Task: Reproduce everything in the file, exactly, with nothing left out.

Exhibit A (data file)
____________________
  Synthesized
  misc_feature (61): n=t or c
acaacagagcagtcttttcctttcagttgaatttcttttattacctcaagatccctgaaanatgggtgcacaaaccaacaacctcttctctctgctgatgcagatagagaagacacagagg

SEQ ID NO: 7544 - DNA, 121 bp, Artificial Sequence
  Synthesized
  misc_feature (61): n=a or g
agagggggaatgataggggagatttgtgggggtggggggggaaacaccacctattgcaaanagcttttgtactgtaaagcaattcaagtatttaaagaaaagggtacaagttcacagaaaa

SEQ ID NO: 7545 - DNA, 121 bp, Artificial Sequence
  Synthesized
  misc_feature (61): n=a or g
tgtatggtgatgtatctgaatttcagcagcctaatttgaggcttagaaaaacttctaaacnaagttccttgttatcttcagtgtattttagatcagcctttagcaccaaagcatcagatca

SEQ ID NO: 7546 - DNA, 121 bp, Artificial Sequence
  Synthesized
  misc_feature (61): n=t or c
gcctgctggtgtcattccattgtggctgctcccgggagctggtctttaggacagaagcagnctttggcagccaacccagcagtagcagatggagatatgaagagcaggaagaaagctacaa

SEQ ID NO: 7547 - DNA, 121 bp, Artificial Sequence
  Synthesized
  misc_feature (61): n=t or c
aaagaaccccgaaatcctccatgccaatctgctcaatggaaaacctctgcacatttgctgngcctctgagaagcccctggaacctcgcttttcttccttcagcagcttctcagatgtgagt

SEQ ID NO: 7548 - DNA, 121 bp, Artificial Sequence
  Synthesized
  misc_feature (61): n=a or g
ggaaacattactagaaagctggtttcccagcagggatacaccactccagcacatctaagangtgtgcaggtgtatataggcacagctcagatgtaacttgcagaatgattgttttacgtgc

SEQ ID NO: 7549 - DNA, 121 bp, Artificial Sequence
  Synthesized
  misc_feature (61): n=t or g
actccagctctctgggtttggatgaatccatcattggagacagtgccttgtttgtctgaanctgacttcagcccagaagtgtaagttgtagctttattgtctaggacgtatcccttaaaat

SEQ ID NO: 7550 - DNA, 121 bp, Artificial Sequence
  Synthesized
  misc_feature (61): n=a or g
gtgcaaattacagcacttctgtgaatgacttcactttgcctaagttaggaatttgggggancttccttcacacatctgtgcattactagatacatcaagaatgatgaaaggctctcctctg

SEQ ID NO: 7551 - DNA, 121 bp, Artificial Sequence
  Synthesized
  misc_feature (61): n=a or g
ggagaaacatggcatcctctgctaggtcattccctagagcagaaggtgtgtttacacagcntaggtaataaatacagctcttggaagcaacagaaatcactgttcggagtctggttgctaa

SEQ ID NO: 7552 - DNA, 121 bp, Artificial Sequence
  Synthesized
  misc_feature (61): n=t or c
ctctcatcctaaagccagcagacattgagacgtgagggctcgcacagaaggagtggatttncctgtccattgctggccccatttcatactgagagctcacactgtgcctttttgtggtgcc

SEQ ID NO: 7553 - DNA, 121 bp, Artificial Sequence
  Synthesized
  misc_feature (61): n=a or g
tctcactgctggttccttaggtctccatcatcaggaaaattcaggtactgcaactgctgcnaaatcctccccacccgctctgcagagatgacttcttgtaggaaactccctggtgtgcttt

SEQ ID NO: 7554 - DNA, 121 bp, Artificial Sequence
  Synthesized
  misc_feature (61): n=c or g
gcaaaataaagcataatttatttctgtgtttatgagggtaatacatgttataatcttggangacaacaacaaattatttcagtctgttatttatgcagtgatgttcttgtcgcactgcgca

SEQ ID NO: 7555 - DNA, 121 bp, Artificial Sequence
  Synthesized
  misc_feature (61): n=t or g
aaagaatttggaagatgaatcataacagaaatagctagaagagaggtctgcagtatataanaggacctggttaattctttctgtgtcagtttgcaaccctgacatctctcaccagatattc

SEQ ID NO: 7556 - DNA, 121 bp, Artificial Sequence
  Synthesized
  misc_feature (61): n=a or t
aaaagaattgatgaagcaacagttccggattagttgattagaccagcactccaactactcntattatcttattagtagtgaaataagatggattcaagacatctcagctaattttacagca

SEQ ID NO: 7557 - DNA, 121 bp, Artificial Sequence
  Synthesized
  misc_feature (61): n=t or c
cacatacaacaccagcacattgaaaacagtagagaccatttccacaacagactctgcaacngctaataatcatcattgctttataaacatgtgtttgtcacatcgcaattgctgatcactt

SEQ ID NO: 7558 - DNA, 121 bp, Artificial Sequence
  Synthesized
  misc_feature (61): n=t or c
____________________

  Synthesized
  misc_feature (61): n=t or c
acaacagagcagtcttttcctttcagttgaatttcttttattacctcaagatccctgaaanatgggtgcacaaaccaacaacctcttctctctgctgatgcagatagagaagacacagagg

SEQ ID NO: 7544 - DNA, 121 bp, Artificial Sequence
  Synthesized
  misc_feature (61): n=a or g
agagggggaatgataggggagatttgtgggggtggggggggaaacaccacctattgcaaanagcttttgtactgtaaagcaattcaagtatttaaagaaaagggtacaagttcacagaaaa

SEQ ID NO: 7545 - DNA, 121 bp, Artificial Sequence
  Synthesized
  misc_feature (61): n=a or g
tgtatggtgatgtatctgaatttcagcagcctaatttgaggcttagaaaaacttctaaacnaagttccttgttatcttcagtgtattttagatcagcctttagcaccaaagcatcagatca

SEQ ID NO: 7546 - DNA, 121 bp, Artificial Sequence
  Synthesized
  misc_feature (61): n=t or c
gcctgctggtgtcattccattgtggctgctcccgggagctggtctttaggacagaagcagnctttggcagccaacccagcagtagcagatggagatatgaagagcaggaagaaagctacaa

SEQ ID NO: 7547 - DNA, 121 bp, Artificial Sequence
  Synthesized
  misc_feature (61): n=t or c
aaagaaccccgaaatcctccatgccaatctgctcaatggaaaacctctgcacatttgctgngcctctgagaagcccctggaacctcgcttttcttccttcagcagcttctcagatgtgagt

SEQ ID NO: 7548 - DNA, 121 bp, Artificial Sequence
  Synthesized
  misc_feature (61): n=a or g
ggaaacattactagaaagctggtttcccagcagggatacaccactccagcacatctaagangtgtgcaggtgtatataggcacagctcagatgtaacttgcagaatgattgttttacgtgc

SEQ ID NO: 7549 - DNA, 121 bp, Artificial Sequence
  Synthesized
  misc_feature (61): n=t or g
actccagctctctgggtttggatgaatccatcattggagacagtgccttgtttgtctgaanctgacttcagcccagaagtgtaagttgtagctttattgtctaggacgtatcccttaaaat

SEQ ID NO: 7550 - DNA, 121 bp, Artificial Sequence
  Synthesized
  misc_feature (61): n=a or g
gtgcaaattacagcacttctgtgaatgacttcactttgcctaagttaggaatttgggggancttccttcacacatctgtgcattactagatacatcaagaatgatgaaaggctctcctctg

SEQ ID NO: 7551 - DNA, 121 bp, Artificial Sequence
  Synthesized
  misc_feature (61): n=a or g
ggagaaacatggcatcctctgctaggtcattccctagagcagaaggtgtgtttacacagcntaggtaataaatacagctcttggaagcaacagaaatcactgttcggagtctggttgctaa

SEQ ID NO: 7552 - DNA, 121 bp, Artificial Sequence
  Synthesized
  misc_feature (61): n=t or c
ctctcatcctaaagccagcagacattgagacgtgagggctcgcacagaaggagtggatttncctgtccattgctggccccatttcatactgagagctcacactgtgcctttttgtggtgcc

SEQ ID NO: 7553 - DNA, 121 bp, Artificial Sequence
  Synthesized
  misc_feature (61): n=a or g
tctcactgctggttccttaggtctccatcatcaggaaaattcaggtactgcaactgctgcnaaatcctccccacccgctctgcagagatgacttcttgtaggaaactccctggtgtgcttt

SEQ ID NO: 7554 - DNA, 121 bp, Artificial Sequence
  Synthesized
  misc_feature (61): n=c or g
gcaaaataaagcataatttatttctgtgtttatgagggtaatacatgttataatcttggangacaacaacaaattatttcagtctgttatttatgcagtgatgttcttgtcgcactgcgca

SEQ ID NO: 7555 - DNA, 121 bp, Artificial Sequence
  Synthesized
  misc_feature (61): n=t or g
aaagaatttggaagatgaatcataacagaaatagctagaagagaggtctgcagtatataanaggacctggttaattctttctgtgtcagtttgcaaccctgacatctctcaccagatattc

SEQ ID NO: 7556 - DNA, 121 bp, Artificial Sequence
  Synthesized
  misc_feature (61): n=a or t
aaaagaattgatgaagcaacagttccggattagttgattagaccagcactccaactactcntattatcttattagtagtgaaataagatggattcaagacatctcagctaattttacagca

SEQ ID NO: 7557 - DNA, 121 bp, Artificial Sequence
  Synthesized
  misc_feature (61): n=t or c
cacatacaacaccagcacattgaaaacagtagagaccatttccacaacagactctgcaacngctaataatcatcattgctttataaacatgtgtttgtcacatcgcaattgctgatcactt

SEQ ID NO: 7558 - DNA, 121 bp, Artificial Sequence
  Synthesized
  misc_feature (61): n=t or c